Heart Rhythm Disorders (cont.)
Benjamin Wedro, MD, FACEP, FAAEM
Dr. Ben Wedro practices emergency medicine at Gundersen Clinic, a regional trauma center in La Crosse, Wisconsin. His background includes undergraduate and medical studies at the University of Alberta, a Family Practice internship at Queen's University in Kingston, Ontario and residency training in Emergency Medicine at the University of Oklahoma Health Sciences Center.
Melissa Conrad Stöppler, MD
Melissa Conrad Stöppler, MD, is a U.S. board-certified Anatomic Pathologist with subspecialty training in the fields of Experimental and Molecular Pathology. Dr. Stöppler's educational background includes a BA with Highest Distinction from the University of Virginia and an MD from the University of North Carolina. She completed residency training in Anatomic Pathology at Georgetown University followed by subspecialty fellowship training in molecular diagnostics and experimental pathology.
In this Article
- How does the heart work?
- What is a heart rhythm disorder (arrhythmia)?
- What causes heart rhythm disorders?
- What are the signs and symptoms of heart rhythm disorders?
- What are the different types of heart rhythm disorders?
- Premature atrial contractions (PACs) and premature ventricular contractions (PVCs)
- Sinus tachycardia
- Sinus bradycardia
- Abnormal heart rhythms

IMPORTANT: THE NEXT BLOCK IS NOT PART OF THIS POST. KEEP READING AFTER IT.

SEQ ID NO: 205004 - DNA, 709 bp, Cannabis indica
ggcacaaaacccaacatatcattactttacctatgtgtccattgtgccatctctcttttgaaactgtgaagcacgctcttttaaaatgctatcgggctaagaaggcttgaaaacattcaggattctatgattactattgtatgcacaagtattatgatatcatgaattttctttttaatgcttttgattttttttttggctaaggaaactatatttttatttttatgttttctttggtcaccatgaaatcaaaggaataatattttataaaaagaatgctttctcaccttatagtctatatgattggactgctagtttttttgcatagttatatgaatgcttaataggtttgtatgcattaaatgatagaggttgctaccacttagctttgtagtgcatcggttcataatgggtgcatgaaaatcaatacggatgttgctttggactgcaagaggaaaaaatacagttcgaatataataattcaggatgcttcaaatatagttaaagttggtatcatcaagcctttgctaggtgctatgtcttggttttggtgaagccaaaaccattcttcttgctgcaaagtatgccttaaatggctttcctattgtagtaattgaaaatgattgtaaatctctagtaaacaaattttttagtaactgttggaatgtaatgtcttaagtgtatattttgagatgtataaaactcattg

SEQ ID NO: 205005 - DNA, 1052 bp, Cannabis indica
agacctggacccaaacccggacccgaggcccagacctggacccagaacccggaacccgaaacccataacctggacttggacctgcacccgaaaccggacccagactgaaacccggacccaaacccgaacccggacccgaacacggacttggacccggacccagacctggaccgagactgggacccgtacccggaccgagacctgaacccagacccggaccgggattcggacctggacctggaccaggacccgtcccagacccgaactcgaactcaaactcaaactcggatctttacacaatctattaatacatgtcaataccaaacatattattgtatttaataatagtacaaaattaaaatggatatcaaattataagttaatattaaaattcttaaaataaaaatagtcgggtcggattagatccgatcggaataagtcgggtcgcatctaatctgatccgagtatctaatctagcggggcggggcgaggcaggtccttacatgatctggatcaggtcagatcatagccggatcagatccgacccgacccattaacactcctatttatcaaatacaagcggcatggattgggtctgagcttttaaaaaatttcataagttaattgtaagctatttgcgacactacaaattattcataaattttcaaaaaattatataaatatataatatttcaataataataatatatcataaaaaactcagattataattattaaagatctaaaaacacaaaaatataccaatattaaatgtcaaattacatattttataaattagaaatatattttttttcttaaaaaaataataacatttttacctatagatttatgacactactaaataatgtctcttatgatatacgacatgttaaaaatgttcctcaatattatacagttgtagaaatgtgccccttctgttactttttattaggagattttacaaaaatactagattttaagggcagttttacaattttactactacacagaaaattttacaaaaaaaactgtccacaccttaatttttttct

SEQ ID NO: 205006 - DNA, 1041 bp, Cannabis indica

- Ventricular fibrillation (V-fib)
- Ventricular tachycardia (V-tach)
- Paroxysmal supraventricular tachycardia (PSVT)
- Wolff-Parkinson-White (WPW) syndrome
- Atrial fibrillation (A-fib)
- Atrial flutter
- Heart blocks
- When to seek medical care
- How are heart rhythm disorders diagnosed?
- What is the treatment for heart rhythm disorders?
- What is the prognosis for heart rhythm disorders?
- Can heart rhythm disorders be prevented?
- Find a local Cardiologist in your town
Ventricular fibrillation (V-fib)
Ventricular fibrillation is technically not a rapid heart rhythm because the heart ceases to beat. In ventricular fibrillation, the ventricles do not have a coordinated electrical pattern and the ventricles, instead of beating, just jiggle, or fibrillate. Since the heart doesn't beat, blood is not circulated to the body or brain and all bodily functions stop. Without a coordinated impulse to signal the ventricle to beat, sudden cardiac death occurs.
The treatment for V-fib is defibrillation with an electrical shock. Automated external defibrillators (AEDs) in public places have helped decrease the mortality from sudden cardiac death, but prevention remains the mainstay to survive this event. Some people, such as those with a very weak heart muscle or who have a prior history of ventricular fibrillation will require an implantable defibrillator to prevent future episodes of sudden death and treat this rhythm.
This rhythm is often associated with a heart attack in which the heart muscle doesn't get enough blood supply (myocardial ischemia), becomes irritated, and causes secondary irritation of the electrical system. Aside from myocardial ischemia, other causes of ventricular fibrillation may include severe weakness of the heart muscle (cardiomyopathy), electrolyte disturbances, drug overdose, and poisoning.
Ventricular tachycardia (V-tach)
Ventricular tachycardia is another rapid heart rate that originates in the ventricle. The causes are the same as those for ventricular fibrillation, but because of the electrical conduction pattern in the heart pathways, an organized signal is provided to the ventricles, potentially allowing them to beat. This remains an emergency, since V-tach may degenerate into ventricular fibrillation.
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